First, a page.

Another pivotal book, connected with the two previous suggestions (biography and poetry), one is always with me – The Magic-Maker E.E. Cummings, a biography about the American poet-painter, written by Charles Norman. It’s an interesting personality from the beginning of the 20th century. The book draws the reader from beginning to end. It includes poems and images of the poet’s works. And I also suggest reading his poem [i carry your heart with me(i carry it in)] – my favourite.
For me, music is the most encompassing art form, as it allows me to “travel” effortlessly. I let myself be carried away and give myself up without thinking.
I discovered Carminho’s record Maria in the wonderful photographs of the artist José Pedro Cortes. It was remarkably interesting the way Carminho decided to promote the album, assuming her connection and interest in contemporary visual arts. She proved that both fields are not stale. Their unification can happen naturally and intelligently. After the initial curiosity, and because I really liked fado, and Carminho for that matter, I felt like listening to every song in Maria with attention and time. During the quarantine, I did it and it gave me (and it continues to do so) great pleasure. It’s a very special record.
Red Bean Rice
My second musical suggestion is the album Water by Red Bean Rice, a band of young Portuguese musicians who were experiencing a deeply positive period, with shows scheduled in Portugal and abroad. But the pandemic forced the tour to be cancelled. I chose Red Bean Rice while assuming my affective relationship with them. Without ignoring that their performance, part of the Gliding Barnacles festival, was Appleton’s last normal moment before COVID. And, therefore, unforgettable. They also represent the precarious and complicated situation that so many musicians, in Portugal and around the world, are living right now.
Exhibitions – On and offline
Como silenciar uma poeta
Susana Mendes Silva
Finally, I suggest visiting an exhibition. And I do justice to the artist Susana Mendes Silva, who has always been remarkably accurate when working with the online medium, anticipating conceptual issues that are now spoken about. Ironically, this is my only suggestion that forces us to leave home: Como silenciar uma poeta, an exhibition of this artist at the Museu Nacional de Arte Contemporânea do Chiado, which opened on June 10 and closes on August 30. This exhibition is part of the programme As coisas fundadas no silêncio, with artistic direction by Marta Rema. Susana Mendes Silva will also present three performances, still without a definite date. I also suggest visiting the artist’s website to look carefully at the archive and descriptive memory of her works: Telescola from 1997, artphone from 2002, art_room from 2005, A bed time story from 2007, a performance she worked with again in 2020 during the quarantine, or even Audio Description, presented at Culturgest in 2013.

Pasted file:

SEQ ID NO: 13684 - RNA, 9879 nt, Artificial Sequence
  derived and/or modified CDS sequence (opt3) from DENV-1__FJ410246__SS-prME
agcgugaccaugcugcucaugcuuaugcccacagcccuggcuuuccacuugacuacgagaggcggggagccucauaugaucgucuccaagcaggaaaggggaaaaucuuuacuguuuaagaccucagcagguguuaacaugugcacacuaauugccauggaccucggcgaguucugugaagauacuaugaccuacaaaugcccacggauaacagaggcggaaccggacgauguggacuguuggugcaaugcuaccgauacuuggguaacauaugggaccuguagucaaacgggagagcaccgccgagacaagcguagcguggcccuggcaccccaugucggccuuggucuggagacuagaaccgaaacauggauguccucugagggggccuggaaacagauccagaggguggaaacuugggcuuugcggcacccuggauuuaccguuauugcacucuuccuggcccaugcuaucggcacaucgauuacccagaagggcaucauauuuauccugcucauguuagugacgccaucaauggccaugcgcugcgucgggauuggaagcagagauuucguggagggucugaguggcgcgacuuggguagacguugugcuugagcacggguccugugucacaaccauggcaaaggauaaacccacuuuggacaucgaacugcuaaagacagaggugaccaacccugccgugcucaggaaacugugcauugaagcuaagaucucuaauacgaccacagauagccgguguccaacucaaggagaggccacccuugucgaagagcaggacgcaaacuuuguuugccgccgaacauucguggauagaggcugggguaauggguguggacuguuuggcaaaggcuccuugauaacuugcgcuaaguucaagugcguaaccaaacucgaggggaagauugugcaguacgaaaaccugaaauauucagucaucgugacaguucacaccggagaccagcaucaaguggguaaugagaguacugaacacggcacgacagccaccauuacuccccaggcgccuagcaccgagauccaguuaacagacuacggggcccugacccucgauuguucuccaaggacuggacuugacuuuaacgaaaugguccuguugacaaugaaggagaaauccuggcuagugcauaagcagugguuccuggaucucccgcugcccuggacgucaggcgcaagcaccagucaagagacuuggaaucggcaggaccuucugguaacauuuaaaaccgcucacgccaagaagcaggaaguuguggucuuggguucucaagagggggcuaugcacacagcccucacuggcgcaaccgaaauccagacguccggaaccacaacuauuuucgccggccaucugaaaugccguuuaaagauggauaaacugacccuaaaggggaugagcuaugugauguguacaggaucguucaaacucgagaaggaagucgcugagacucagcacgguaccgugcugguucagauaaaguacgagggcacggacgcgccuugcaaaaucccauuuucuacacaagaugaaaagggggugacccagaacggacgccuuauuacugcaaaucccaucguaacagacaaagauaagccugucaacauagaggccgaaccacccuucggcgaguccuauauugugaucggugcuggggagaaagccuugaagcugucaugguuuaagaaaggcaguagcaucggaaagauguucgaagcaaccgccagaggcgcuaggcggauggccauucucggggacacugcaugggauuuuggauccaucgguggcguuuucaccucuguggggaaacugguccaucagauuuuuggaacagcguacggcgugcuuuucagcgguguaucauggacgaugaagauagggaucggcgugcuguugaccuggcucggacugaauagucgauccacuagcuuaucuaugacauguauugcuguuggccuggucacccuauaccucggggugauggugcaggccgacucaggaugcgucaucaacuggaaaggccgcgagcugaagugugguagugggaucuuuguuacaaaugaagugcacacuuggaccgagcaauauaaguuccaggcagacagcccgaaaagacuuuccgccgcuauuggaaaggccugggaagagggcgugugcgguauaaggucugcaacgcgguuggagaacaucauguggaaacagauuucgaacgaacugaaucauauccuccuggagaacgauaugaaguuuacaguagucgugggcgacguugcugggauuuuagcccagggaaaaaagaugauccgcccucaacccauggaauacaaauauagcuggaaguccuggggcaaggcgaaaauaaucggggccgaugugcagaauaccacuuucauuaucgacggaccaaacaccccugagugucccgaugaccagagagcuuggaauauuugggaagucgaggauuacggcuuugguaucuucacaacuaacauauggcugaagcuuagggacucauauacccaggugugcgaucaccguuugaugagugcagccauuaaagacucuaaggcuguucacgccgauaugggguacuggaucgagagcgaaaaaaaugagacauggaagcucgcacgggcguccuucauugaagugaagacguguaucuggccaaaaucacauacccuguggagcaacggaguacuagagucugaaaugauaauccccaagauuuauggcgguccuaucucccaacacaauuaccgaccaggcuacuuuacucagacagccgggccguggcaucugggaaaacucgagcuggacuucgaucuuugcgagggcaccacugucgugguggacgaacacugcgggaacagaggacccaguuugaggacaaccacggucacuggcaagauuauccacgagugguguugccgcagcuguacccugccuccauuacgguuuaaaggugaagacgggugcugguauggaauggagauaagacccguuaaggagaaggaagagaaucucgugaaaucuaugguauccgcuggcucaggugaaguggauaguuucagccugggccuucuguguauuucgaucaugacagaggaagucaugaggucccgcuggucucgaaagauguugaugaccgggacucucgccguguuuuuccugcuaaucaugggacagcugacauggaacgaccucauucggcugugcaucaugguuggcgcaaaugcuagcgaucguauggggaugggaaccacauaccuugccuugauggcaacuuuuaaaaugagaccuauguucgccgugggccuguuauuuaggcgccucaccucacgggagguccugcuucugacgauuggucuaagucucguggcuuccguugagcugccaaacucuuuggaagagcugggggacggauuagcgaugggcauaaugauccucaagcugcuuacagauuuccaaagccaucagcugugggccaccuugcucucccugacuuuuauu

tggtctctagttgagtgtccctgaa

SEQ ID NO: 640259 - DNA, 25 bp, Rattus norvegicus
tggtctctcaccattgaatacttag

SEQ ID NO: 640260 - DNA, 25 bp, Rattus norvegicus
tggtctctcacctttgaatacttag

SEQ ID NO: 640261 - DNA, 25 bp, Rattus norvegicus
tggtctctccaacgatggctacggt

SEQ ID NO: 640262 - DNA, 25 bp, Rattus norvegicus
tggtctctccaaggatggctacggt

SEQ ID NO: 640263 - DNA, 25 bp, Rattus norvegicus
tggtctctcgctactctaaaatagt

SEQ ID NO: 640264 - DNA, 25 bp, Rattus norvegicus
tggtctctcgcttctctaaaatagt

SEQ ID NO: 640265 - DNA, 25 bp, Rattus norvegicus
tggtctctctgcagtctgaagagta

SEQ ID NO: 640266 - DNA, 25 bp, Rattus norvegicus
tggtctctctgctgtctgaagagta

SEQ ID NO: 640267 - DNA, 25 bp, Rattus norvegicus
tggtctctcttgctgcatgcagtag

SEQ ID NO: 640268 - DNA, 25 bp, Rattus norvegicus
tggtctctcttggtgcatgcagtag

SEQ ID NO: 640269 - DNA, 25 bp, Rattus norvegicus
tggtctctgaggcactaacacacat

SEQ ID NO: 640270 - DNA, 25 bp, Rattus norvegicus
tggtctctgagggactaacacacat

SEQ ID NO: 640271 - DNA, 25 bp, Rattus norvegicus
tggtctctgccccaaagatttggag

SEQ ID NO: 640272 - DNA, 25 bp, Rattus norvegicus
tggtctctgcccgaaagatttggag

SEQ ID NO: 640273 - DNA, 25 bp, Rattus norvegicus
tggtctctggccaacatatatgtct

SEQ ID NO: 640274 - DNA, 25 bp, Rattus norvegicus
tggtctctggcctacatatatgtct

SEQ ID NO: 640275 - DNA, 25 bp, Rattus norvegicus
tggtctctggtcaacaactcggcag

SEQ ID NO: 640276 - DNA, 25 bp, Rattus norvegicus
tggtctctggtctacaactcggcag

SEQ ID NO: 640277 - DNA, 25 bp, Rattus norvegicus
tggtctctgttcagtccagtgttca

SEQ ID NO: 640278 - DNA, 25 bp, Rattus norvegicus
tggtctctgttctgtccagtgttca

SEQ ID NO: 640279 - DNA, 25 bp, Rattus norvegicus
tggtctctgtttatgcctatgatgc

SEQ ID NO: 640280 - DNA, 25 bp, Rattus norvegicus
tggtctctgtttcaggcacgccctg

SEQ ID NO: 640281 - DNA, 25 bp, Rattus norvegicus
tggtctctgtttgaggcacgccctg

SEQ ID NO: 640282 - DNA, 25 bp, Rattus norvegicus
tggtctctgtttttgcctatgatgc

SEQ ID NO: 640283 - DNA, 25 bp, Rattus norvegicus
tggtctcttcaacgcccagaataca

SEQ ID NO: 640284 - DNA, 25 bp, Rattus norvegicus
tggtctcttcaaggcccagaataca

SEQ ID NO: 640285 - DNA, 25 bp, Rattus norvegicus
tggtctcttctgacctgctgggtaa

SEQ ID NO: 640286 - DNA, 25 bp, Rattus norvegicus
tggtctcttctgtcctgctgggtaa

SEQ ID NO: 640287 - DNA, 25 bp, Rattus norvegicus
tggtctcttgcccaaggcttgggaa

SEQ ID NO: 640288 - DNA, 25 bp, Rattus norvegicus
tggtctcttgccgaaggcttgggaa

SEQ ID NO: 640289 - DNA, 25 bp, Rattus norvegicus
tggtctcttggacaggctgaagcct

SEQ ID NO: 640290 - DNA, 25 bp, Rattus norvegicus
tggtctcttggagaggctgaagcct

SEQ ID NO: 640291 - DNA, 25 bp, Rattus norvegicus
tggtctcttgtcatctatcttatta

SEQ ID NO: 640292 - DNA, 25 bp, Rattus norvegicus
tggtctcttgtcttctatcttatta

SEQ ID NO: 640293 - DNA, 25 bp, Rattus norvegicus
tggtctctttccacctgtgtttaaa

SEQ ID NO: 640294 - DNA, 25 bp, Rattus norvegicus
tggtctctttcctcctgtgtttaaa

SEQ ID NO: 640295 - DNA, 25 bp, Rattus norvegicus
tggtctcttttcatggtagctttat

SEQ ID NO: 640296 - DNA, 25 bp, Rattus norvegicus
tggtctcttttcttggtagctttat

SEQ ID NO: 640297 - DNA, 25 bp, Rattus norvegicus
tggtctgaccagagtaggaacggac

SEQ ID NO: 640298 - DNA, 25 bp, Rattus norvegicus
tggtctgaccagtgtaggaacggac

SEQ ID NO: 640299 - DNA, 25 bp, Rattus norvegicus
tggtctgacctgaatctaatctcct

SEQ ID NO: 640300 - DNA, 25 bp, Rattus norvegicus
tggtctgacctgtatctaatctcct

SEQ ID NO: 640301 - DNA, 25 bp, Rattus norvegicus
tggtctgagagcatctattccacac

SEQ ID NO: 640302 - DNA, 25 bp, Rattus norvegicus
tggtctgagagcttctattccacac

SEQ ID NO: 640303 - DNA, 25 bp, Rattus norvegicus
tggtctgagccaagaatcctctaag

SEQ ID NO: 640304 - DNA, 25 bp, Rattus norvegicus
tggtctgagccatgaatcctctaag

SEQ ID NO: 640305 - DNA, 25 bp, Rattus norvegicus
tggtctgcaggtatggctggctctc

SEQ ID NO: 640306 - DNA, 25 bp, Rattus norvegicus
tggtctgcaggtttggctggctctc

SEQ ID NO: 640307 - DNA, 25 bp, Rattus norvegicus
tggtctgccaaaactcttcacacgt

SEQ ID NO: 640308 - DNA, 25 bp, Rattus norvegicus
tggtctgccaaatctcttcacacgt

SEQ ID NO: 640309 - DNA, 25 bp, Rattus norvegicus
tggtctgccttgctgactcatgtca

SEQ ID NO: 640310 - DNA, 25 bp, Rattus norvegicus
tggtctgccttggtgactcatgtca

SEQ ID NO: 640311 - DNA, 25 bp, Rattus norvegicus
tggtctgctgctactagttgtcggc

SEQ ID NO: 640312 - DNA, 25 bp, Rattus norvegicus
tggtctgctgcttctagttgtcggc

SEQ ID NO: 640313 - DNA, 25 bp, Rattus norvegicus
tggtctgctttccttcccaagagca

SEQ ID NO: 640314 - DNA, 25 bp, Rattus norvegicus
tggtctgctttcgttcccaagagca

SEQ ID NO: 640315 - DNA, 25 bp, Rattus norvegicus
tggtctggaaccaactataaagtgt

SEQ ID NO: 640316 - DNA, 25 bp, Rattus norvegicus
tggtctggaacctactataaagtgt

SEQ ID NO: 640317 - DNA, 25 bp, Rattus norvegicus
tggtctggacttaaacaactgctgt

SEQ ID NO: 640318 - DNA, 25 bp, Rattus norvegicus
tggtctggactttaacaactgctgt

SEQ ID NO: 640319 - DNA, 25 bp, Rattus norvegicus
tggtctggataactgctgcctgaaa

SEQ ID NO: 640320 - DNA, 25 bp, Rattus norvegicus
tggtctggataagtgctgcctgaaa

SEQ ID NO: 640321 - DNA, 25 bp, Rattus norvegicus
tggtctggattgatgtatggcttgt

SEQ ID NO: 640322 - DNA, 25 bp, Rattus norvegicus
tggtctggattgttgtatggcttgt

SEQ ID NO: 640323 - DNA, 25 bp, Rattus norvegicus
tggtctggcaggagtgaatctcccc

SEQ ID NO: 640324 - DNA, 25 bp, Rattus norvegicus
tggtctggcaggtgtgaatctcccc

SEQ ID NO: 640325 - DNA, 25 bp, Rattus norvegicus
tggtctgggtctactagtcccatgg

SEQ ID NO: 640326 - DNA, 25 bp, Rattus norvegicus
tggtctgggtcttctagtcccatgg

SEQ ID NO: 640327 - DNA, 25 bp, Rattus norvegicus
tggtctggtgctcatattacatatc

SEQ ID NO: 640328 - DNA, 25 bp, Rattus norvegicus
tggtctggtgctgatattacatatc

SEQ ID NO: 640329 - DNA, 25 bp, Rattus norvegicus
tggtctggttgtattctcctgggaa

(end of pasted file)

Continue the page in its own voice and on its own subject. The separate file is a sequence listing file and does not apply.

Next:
Vera Appleton has a degree in communication and marketing from ESCS – IPL. She has a postgraduate degree in marketing management from ISEG. She has a master’s degree in contemporary art from the FCH of Universidade Católica, where she has been a guest lecturer since 2015. She has worked in the communication field in several companies – Seat (1996-1998), Novodesign (1999-2002), Euro RSCG (2002-2003), Croquidesign (2003-2007) In 2007, she started the Appleton Square project as a founding partner. In 2018, it changed its legal status to a non-profit association, assuming the executive management of Appleton Cultural Association. She is responsible for the global management, which includes: programming/calendaring, accounting, communication, human resources, relationships with artists, galleries, investors and clients. In 2020, she launched the Appleton podcast. She provides consulting and advisory services in artistic programming.